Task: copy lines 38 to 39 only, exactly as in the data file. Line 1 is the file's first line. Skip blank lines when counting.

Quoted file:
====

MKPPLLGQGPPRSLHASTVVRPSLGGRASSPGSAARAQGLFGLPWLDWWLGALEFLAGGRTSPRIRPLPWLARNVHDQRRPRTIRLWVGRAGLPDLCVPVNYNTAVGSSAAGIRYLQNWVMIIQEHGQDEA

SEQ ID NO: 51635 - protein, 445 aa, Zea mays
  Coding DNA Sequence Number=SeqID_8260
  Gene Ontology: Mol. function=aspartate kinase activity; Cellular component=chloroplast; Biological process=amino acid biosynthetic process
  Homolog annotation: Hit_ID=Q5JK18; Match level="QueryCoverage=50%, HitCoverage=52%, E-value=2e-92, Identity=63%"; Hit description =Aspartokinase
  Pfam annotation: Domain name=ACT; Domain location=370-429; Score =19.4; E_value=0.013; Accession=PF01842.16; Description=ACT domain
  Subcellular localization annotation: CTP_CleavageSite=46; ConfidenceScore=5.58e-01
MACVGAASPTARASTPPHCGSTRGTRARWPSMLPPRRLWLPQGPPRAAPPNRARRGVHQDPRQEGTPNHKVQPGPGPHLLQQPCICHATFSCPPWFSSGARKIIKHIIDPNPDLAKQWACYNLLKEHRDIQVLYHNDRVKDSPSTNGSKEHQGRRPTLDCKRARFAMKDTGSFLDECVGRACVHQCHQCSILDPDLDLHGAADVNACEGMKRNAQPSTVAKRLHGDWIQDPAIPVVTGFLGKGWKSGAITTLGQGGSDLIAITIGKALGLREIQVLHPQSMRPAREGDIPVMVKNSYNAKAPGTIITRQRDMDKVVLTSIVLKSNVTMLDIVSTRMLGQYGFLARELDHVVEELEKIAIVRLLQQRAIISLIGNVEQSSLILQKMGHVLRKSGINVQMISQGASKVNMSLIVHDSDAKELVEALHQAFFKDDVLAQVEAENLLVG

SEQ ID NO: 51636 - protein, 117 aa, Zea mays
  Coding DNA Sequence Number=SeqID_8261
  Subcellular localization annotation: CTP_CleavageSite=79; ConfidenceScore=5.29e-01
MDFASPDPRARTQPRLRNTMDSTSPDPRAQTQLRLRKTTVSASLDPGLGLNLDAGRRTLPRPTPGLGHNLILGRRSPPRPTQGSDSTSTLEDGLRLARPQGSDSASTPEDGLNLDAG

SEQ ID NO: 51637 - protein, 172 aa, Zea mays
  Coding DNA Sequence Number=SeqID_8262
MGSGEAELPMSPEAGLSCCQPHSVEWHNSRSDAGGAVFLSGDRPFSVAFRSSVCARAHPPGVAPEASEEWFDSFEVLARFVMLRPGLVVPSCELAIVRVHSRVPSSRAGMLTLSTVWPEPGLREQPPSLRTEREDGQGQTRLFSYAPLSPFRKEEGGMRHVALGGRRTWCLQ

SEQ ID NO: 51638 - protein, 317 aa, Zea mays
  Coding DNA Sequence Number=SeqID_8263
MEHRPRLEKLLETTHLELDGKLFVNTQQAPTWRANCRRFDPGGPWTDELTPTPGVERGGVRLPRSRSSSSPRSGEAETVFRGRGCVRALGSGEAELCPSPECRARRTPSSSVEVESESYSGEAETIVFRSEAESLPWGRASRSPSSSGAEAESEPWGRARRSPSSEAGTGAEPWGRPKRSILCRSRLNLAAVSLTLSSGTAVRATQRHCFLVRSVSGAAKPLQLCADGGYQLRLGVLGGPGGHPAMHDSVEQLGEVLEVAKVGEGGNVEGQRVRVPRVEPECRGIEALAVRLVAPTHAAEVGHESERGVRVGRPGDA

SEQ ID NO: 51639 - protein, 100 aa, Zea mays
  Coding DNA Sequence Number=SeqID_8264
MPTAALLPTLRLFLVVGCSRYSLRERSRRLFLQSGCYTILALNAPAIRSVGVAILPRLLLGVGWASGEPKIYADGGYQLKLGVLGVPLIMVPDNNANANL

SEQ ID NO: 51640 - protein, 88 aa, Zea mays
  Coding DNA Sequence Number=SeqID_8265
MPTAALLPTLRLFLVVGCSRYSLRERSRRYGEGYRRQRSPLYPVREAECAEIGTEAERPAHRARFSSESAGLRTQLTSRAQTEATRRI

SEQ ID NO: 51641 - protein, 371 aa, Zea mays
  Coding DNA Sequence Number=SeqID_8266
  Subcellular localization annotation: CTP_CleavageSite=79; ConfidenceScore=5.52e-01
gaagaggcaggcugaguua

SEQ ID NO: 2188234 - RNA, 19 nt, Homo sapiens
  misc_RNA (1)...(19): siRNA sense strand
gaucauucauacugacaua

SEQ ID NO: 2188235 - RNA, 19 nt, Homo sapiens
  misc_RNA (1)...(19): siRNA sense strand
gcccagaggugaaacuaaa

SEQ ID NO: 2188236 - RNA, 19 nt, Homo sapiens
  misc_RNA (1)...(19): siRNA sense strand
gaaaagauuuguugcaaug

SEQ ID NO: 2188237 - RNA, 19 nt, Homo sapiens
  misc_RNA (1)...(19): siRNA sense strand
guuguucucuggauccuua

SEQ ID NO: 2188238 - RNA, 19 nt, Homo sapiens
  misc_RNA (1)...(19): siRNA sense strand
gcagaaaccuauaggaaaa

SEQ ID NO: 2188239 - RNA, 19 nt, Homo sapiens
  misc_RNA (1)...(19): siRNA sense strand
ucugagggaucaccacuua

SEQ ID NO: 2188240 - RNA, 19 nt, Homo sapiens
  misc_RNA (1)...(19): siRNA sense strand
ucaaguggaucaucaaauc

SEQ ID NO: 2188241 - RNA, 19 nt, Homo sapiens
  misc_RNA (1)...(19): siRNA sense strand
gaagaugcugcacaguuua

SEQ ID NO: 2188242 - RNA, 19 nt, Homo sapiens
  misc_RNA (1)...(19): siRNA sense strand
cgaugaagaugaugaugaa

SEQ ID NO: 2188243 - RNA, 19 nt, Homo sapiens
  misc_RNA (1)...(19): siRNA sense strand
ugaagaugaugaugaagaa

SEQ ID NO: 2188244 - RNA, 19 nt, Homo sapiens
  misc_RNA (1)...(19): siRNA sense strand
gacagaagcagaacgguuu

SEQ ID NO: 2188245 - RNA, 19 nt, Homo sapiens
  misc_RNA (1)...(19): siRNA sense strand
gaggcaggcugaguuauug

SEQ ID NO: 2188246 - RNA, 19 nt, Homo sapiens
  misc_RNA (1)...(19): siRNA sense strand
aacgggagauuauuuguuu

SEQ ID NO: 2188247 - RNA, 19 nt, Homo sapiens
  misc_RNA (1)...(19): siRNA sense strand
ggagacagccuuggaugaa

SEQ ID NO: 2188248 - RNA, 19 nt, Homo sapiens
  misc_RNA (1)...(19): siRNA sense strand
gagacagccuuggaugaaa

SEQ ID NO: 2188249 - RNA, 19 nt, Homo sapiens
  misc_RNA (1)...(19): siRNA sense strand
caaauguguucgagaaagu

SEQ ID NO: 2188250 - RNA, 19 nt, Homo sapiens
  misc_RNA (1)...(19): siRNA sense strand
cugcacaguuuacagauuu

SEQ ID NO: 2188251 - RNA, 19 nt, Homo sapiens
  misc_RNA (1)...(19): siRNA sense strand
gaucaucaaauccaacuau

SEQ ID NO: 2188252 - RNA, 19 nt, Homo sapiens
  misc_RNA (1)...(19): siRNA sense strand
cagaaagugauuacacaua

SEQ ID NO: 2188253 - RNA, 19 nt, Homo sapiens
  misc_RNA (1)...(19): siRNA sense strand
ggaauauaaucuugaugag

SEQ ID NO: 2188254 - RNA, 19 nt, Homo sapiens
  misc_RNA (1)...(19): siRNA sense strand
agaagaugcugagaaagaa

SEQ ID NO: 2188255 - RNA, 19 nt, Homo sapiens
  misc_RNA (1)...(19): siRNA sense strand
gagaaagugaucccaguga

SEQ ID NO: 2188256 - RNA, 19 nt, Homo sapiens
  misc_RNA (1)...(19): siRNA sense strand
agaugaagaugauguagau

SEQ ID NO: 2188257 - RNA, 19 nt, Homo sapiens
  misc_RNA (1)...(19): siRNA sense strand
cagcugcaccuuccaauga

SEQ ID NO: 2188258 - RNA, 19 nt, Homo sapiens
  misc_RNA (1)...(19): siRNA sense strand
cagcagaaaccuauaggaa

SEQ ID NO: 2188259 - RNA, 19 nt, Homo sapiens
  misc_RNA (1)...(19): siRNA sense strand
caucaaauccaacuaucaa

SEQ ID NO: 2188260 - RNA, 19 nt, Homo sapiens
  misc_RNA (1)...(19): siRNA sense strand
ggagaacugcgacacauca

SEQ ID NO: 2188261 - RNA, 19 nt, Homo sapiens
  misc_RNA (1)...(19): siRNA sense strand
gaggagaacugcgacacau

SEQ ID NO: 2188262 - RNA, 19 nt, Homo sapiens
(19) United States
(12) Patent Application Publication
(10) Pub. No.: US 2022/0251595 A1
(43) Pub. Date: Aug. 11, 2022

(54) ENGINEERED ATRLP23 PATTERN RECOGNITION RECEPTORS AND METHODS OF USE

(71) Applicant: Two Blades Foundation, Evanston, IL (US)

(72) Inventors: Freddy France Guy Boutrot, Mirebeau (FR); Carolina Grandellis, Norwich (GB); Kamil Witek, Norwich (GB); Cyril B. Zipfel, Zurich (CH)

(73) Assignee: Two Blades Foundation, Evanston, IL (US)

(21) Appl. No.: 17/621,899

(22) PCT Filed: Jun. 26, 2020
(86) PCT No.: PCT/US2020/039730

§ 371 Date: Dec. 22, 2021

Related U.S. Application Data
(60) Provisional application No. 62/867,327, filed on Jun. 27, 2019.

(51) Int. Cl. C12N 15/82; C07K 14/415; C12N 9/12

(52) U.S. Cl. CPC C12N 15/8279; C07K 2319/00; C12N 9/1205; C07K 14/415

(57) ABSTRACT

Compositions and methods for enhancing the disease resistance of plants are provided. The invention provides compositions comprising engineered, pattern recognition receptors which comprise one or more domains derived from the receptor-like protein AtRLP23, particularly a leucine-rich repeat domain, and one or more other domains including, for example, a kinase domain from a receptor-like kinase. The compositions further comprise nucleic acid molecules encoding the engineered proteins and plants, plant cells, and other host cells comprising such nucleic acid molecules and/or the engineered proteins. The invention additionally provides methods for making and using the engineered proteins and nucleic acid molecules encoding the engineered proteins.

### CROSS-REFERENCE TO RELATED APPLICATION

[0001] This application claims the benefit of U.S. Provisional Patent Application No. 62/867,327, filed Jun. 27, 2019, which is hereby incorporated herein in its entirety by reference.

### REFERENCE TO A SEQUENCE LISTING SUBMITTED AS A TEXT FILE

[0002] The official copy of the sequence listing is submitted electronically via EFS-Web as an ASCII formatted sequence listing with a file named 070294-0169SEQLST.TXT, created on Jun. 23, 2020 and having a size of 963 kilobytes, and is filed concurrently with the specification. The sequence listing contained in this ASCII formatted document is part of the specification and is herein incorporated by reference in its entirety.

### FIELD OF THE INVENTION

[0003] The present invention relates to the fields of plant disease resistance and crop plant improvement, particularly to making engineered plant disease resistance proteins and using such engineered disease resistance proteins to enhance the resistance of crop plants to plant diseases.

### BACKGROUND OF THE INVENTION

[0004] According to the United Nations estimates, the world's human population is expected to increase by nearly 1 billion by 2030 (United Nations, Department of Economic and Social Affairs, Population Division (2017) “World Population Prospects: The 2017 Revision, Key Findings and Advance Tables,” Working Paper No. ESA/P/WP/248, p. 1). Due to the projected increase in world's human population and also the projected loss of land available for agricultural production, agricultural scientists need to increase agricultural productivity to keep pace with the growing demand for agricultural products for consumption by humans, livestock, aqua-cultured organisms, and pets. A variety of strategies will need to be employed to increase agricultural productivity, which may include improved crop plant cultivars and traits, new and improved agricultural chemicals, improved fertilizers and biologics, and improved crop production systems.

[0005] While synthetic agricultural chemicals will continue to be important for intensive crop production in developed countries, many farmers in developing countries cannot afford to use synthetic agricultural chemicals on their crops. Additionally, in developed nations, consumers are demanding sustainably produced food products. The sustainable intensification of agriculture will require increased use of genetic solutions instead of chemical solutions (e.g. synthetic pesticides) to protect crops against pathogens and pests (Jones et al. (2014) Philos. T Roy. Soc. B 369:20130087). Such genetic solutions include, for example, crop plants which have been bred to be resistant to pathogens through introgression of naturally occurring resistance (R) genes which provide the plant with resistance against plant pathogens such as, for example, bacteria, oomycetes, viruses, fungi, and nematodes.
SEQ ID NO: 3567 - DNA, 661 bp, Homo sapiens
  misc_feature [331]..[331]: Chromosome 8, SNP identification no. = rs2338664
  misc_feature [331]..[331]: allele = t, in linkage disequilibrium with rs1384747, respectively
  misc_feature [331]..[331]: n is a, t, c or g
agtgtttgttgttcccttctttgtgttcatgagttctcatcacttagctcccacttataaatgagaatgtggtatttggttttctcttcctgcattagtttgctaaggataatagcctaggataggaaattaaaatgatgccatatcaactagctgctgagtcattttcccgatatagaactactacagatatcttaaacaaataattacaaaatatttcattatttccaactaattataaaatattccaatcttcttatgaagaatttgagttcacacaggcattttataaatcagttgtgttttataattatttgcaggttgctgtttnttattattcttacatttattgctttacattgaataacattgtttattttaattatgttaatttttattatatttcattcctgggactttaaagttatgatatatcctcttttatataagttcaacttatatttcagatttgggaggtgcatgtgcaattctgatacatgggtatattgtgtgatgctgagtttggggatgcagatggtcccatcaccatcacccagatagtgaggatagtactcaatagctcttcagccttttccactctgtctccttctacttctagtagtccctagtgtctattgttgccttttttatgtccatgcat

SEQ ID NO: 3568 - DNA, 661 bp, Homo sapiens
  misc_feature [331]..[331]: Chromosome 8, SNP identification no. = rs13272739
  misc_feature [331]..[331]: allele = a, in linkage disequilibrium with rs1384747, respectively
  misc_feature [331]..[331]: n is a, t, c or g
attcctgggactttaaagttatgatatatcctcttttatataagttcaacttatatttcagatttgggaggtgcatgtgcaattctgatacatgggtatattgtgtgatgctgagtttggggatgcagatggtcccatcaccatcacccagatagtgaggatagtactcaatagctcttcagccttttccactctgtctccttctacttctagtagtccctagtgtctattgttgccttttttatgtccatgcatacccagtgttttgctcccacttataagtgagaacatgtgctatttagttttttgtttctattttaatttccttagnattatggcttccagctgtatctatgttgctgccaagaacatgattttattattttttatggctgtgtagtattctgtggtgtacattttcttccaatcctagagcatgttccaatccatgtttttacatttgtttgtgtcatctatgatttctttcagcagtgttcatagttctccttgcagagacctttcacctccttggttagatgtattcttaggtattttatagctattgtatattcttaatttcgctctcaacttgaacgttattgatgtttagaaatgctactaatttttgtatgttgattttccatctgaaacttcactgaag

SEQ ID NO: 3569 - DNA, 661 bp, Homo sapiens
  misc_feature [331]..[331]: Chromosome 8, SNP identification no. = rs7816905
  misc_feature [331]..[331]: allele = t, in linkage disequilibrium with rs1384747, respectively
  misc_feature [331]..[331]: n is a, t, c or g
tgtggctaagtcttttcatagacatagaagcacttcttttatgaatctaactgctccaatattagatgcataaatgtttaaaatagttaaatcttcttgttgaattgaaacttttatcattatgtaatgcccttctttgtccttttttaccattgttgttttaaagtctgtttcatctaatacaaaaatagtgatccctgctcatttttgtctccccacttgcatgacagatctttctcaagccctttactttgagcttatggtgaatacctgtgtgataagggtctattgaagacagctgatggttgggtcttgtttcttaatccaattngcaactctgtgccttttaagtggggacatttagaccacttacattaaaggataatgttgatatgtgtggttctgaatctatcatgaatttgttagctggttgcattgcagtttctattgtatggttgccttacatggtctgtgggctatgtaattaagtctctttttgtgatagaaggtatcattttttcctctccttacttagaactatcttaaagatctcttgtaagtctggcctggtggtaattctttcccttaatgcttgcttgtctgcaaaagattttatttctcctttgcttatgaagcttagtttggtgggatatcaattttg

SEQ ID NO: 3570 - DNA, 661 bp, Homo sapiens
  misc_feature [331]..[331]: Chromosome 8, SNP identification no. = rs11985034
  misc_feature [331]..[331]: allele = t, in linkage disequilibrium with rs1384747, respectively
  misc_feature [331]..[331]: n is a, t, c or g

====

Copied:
SEQ ID NO: 2188237 - RNA, 19 nt, Homo sapiens
  misc_RNA (1)...(19): siRNA sense strand